[Outlook]Training stops at graduation

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[Outlook]Training stops at graduation

As I live abroad, I often find myself comparing things between Korea and foreign countries. I also think about Korean youth compared with youths in other countries. Whenever I meet young Korean people, I feel confident that they are not worse than those in advanced countries.
An objective outlook indicates this, too. In a study comparing students’ academic performance in different countries by the Organization for Economic Cooperation and Development, Korean teenagers are among the top students. Korea has the huge number of students studying in the United States.
But why is it very hard to catch up with advanced countries even though our youngsters are doing great? The answer is simple; their development stops after graduation.
In advanced societies that produce high-value-added goods and services, schooling is merely a starting point. How people are trained inside companies after graduation decides the future of the companies and society. For workers, it is important to make sure that they continue to grow and develop.
Grown-ups develop further through work. Education and training are meaningful only when they are related to their work. Three conditions are needed for grown-ups to grow through work.
First, they must be employed at decent workplaces on decent terms. Second, they must be given reasonable rights and responsibilities. Third, they must be able to develop their career over a lifetime.
In Korea, none these three characteristics are met. There is no need to point out the high unemployment rate among youths here.
Companies have become less generous with investment in employee training. Conglomerates reduce the number of new employees. These companies tend to think they buy trained people rather than train people.
Small- and medium-sized companies increase the number of new employees, but they invest very little to train them further. When comparing spending on training between companies of more than 1,000 workers and companies with less than 100, small Korean companies spend only one-eighth of what their large counterparts spend.
Meanwhile in Japan, large companies spend only 2.5 times more than small companies.
Even if one is employed despite very fierce competition, there are not sufficient conditions inside a company to grow further. Anybody who works or used to work in any type of organization knows that receiving training while working is more effective than receiving training or education outside the workplace. In this training, it is important to be given some independence and to work within one’s own discretion. When one takes responsibility for one’s work, one learns and grows more.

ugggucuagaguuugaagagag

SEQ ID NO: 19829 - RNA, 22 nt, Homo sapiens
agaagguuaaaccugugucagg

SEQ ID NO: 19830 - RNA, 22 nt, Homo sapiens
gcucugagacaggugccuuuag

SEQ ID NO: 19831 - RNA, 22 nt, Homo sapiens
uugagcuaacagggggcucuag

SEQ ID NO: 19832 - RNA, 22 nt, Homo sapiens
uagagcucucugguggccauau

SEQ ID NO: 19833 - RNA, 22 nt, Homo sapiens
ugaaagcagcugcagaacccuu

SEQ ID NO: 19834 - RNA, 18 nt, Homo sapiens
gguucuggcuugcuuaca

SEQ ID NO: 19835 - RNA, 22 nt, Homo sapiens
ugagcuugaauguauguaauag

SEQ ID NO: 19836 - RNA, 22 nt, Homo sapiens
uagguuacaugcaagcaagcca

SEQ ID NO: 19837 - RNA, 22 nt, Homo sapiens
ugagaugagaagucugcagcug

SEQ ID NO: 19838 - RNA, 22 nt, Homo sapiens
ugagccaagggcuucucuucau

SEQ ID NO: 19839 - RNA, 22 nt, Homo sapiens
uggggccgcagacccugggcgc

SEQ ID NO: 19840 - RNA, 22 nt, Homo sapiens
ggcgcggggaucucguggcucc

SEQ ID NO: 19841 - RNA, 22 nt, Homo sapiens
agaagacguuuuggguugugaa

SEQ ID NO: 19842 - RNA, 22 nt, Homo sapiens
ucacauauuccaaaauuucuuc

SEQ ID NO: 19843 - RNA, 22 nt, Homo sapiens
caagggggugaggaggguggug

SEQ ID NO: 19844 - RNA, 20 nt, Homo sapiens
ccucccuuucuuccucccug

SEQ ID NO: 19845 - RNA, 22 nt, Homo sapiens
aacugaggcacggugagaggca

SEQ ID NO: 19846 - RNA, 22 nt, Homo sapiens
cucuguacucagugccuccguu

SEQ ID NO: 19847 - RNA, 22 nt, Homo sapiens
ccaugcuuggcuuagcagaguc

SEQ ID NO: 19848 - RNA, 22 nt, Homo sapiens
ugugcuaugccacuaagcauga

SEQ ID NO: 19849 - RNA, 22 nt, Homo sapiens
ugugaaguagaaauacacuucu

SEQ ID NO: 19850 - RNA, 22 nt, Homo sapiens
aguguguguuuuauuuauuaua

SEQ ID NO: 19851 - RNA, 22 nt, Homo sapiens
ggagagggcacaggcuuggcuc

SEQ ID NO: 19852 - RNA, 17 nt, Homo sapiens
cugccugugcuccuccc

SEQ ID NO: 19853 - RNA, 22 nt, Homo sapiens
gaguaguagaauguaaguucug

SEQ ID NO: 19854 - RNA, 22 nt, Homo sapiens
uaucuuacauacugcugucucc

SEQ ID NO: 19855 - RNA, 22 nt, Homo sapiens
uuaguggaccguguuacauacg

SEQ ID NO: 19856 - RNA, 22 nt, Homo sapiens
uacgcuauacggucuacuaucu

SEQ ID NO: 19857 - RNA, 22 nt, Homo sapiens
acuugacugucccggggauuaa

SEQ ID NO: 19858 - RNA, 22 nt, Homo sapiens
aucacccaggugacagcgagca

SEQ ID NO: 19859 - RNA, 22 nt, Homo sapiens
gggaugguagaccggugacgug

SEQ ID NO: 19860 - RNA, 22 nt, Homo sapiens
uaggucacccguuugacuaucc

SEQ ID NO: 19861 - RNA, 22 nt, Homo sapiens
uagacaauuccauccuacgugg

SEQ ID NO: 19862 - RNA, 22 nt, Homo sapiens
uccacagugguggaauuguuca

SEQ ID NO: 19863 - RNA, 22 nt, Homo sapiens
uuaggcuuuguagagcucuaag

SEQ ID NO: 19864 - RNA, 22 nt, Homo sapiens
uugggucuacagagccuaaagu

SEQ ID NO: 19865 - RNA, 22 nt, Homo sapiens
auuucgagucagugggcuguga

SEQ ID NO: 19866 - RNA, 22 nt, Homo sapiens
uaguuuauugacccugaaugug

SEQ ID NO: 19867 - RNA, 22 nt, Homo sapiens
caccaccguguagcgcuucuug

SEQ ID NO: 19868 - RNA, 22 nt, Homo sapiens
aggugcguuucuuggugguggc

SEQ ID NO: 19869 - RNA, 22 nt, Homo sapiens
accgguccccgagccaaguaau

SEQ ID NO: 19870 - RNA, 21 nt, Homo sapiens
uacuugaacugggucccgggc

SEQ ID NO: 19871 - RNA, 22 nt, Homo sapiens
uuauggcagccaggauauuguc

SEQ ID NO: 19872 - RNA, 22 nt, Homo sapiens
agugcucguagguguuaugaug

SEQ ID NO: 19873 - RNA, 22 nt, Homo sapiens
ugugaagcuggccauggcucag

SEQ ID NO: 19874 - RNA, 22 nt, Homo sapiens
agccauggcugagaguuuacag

However, mainstream Korean corporate culture doesn’t appreciate this. Companies have a centralized system. For the sake of speed, workers are required to implement orders from upstairs as quickly as possible. In this corporate culture, it is hard to expect employees to be trained to be imaginative and creative.
What about developing one’s career over the course of a lifetime? In the United States, broadcast journalists get work experience in local networks in small towns before moving to large ones in big cities. In general, it is not very hard for someone who is working in a small company to get a job at a large company. But in Korea, it is the other way around. When people get fired from large companies, they move to smaller companies.
Even if one continues to work in the same workplace for a long time, it doesn’t mean that his career will bloom to the fullest. Unlike in Japan, people without college degrees or factory workers have little chance to advance to management.
Things are pretty much the same for office workers who have college degrees. If they work in conglomerates or companies that owners directly run, there is little chance that they will be promoted to managers or executives. In Korea, most salary-earners have to think about opening their own store or small businesses when they reach middle age.
We will never be able to catch up with advanced countries if our society’s way of employing and training persists.
The choices a person makes as a youth decide the rest of his life, and it is very difficult for youths to find employment. We need to change our focus from educating children to educating grown-ups.
Companies must be able to show that developing human resources leads to producing high-value-added goods and services. They need to create a new corporate culture where employees take part, instead of being told what to do.
For this, we all need to understand that investing in people is a company’s most important duty.

*The writer is a professor of economics at Saitama University, Japan. Translation by the JoongAng Daily staff.

by Woo Jong-won
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